4 Experimental Study

In this section, we will introduce the processes of data collection and data preprocessing, and how to determine the optimum topic number in DTM.

4.1 Data Collection and Preprocessing

The data collection process is described as follows. Firstly, we obtain tweet IDs from the public available coronavirus Twitter dataset333https://github.com/echen102/covid-19-tweetids that collected by Chen et al. [4] from Twitter API444https://developer.twitter.com/en/docs/api-reference-index based on keywords such as Coronavirus, Covid, Covid19, Wuhanlockdown and account names such as CDCemergency, CDCgov, WHO, HHSGov to actively tracking tweets from Twitter. We collect totally 13,746,822 tweets with Tweepy (a python library for the Twitter API) based on the given tweet IDs from April 1 to April 14. After that, the non-English tweets in the tweet dataset are removed, and we get a total of 8,430,793 English tweets.

Data preprocessing or cleaning is the first step for text mining task [22]. It includes converting all letters into lowercase, removing stop words, non-English letters, URLs, etc. Then, phrase extraction is used to ensure that words such as “human_rights” could be one token instead of separating “human” and “rights”. Additionally, lemmatization is also adopted to remove inflectional endings and return the base or dictionary form of a word. After preprocessing, we remove very short tweets (less than 6 words) and retained a total of 4,919,471 tweets with 269,391 unique tokens. Figure 3 shows the ratio of raw tweets, English tweets, and finally adopted tweets. Table 2 shows the number of daily tweets used for the experiment.

Figure 3: Statistics of tweets in dataset. The green rectangle represents the total tweets per day, the blue rectangle represents the English tweets in all tweets, and the yellow rectangle represents the pre-processed tweets used in the experiment.
Date April 1 April 2 April 3 April 4 April 5 April 6 April 7
Total 374,327 355,504 350,211 354,884 352,499 355,478 373,342
Date April 8 April 9 April 10 April 11 April 12 April 13 April 14
Total 377,615 373,812 334,297 335,607 307,422 331,806 342,667
Table 2: Size of daily tweets after preprocessing.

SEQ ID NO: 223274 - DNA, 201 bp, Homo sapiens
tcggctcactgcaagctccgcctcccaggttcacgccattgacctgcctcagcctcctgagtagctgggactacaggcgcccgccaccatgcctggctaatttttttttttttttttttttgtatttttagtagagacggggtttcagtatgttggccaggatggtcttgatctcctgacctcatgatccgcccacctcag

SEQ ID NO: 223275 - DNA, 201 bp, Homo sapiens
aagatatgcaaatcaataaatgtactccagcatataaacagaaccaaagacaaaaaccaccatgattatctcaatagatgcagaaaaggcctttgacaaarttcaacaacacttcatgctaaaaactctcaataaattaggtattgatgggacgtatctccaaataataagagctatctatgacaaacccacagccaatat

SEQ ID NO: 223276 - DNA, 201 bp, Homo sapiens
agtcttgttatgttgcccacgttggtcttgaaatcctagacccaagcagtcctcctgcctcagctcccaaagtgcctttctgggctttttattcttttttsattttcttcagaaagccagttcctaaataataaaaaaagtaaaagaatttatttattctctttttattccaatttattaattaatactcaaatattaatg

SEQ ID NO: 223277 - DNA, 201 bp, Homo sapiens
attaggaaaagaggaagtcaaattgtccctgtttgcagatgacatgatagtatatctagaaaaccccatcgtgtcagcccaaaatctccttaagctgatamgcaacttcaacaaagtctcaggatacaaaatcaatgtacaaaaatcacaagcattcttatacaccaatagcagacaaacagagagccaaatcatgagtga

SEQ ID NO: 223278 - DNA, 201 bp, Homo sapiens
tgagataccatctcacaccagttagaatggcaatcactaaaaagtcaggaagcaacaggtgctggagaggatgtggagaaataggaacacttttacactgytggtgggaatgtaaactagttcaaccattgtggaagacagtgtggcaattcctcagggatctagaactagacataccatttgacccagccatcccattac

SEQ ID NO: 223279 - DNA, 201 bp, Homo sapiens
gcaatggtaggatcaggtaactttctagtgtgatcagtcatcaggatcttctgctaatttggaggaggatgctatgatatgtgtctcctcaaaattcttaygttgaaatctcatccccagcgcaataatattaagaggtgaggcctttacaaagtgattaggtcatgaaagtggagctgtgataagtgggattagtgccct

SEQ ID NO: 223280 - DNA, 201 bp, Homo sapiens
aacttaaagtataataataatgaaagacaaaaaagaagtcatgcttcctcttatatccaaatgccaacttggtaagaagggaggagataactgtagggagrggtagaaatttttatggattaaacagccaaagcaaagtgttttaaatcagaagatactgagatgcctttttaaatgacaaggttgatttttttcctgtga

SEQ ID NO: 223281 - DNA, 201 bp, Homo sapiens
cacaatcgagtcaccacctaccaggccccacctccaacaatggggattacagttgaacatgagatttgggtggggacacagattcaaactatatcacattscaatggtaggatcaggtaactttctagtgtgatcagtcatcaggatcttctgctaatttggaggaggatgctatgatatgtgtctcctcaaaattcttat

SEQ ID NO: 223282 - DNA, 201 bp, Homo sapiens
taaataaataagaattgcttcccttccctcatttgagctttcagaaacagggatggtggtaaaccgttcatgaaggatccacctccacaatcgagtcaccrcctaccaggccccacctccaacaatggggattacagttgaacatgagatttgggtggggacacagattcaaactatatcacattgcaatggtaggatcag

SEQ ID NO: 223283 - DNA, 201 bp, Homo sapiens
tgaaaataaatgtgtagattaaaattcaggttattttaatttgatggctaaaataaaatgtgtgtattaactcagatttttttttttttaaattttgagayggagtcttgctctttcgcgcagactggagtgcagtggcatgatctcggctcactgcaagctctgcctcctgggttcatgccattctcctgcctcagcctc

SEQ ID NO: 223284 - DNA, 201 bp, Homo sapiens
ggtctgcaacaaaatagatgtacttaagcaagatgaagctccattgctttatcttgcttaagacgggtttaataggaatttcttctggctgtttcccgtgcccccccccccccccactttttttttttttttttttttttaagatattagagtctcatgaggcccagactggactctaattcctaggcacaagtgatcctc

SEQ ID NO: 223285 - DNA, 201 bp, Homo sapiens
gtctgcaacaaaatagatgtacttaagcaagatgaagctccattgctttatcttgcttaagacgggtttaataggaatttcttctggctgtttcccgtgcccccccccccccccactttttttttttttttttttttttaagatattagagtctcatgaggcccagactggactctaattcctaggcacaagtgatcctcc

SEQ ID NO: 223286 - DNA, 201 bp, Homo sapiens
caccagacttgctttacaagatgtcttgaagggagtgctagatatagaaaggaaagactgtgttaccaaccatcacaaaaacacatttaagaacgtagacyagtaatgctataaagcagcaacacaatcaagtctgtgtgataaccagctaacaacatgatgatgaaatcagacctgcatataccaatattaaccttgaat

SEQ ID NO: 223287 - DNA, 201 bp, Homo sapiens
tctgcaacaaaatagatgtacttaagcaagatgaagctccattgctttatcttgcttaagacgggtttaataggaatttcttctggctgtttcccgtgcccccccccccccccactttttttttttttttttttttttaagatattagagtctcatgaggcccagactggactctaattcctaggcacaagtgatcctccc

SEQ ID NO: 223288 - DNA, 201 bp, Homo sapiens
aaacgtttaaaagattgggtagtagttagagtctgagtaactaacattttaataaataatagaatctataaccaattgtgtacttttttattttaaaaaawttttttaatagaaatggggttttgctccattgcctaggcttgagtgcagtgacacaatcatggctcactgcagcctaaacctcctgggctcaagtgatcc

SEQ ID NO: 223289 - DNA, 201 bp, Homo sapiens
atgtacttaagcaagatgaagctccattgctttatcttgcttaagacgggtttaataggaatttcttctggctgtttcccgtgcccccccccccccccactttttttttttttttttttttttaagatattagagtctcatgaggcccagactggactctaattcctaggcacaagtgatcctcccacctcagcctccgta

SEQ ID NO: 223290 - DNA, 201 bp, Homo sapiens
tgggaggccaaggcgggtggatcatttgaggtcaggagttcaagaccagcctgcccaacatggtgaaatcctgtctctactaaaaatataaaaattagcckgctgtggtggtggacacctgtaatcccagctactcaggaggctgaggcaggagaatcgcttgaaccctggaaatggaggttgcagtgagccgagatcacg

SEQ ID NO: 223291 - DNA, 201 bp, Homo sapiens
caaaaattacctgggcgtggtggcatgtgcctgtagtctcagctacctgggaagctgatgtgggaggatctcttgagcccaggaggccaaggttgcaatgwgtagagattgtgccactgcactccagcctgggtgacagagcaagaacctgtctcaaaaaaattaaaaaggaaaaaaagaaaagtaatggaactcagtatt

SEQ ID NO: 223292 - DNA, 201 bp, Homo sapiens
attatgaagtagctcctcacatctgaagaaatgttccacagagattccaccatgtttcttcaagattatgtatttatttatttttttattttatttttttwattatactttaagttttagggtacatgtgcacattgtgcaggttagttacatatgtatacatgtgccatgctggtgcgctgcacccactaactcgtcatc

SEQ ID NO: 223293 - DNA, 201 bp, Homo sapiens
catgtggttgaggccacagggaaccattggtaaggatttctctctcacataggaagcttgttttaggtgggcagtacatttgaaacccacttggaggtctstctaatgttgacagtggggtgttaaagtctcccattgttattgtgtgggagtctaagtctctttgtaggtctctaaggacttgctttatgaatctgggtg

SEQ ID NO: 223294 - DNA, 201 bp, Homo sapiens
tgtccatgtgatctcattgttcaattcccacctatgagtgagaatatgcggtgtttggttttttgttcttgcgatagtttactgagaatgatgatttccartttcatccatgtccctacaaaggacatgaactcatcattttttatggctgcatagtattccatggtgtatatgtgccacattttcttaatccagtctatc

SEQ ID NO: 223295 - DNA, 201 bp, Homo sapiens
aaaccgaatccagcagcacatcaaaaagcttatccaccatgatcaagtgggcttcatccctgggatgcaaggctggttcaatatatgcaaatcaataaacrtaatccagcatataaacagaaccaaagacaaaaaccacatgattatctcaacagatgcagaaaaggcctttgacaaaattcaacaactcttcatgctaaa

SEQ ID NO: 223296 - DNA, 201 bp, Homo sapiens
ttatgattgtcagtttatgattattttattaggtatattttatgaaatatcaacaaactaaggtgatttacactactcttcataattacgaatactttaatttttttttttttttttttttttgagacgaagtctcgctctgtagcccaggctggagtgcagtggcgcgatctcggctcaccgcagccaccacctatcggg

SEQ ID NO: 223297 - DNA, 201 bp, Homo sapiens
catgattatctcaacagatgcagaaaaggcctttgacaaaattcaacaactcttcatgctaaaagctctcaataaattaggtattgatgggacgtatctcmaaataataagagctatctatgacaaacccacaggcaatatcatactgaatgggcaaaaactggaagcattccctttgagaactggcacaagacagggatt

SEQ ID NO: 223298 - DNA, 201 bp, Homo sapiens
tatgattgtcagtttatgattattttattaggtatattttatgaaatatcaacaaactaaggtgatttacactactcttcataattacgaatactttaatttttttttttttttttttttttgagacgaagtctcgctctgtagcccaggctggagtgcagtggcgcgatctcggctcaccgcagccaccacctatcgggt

4.2 Topic Model Setup

The number of topics is a crucial parameter in topic modeling and capable of making these topics human interpretable. According to [2], for the first slice of Dynamic Topic Models(DTM) to get setup, we fit LDA on the first day of the dataset to learn the best topic number. We employ Gensim package in Python to train LDA model for the selection of best topic number. Here, we use the coherence [16] by measuring the degree of semantic similarity between high scoring words of topics as an indicator to choose the best topic number. The coherence score helps distinguish between human understandable topics and artifacts of statistical inference.

(5)

where select top frequently occurring words in each topic, then aggregate all the pairwise scores of the top words of the topic.

Figure 4 shows the coherence scores of different topic numbers on the LDA model based on one day tweets. As we can see, when the topic number is 70, the coherence score gets the maximum value that is around 0.39. Therefore, we assume the total number of topics is stable and set the topic number for DTM as 70.

Figure 4: Coherence score of different topic numbers on LDA.

4.3 Results

Figure 5 shows the overview of the number of deaths and confirmed cases, these datasets are collected from WHO 555https://covid19.who.int/. COVID-19 has gradually expanded to all parts of the world and has aroused the attention of countries, reported confirmed and deaths are slowly increasing.

Figure 5: Worldwide deaths and confirmed cases of COVID-19 during the study period.

4.4 Overall Sentiment Dynamics

Figure 6 presents the overall sentiment distribution on Twitter during the study period. The number of tweets about the COVID-19 is around 350,000 per day, and the daily number of positive and negative tweets is similar but all greater than the number of neutral tweets. In most days, the number of positive sentiment tweets is slightly higher than negative sentiment tweets. This shows that despite the spread of COVID-19, the community showed a dominant positive sentiment during the study period. This observation is also consistent with the finding of other researchers who have reported the similar conclusions based on country-level sentiment analysis [1, 13, 24].

Figure 6: The overall sentiment dynamics on Twitter during the study period.

4.5 Daily Hot Topics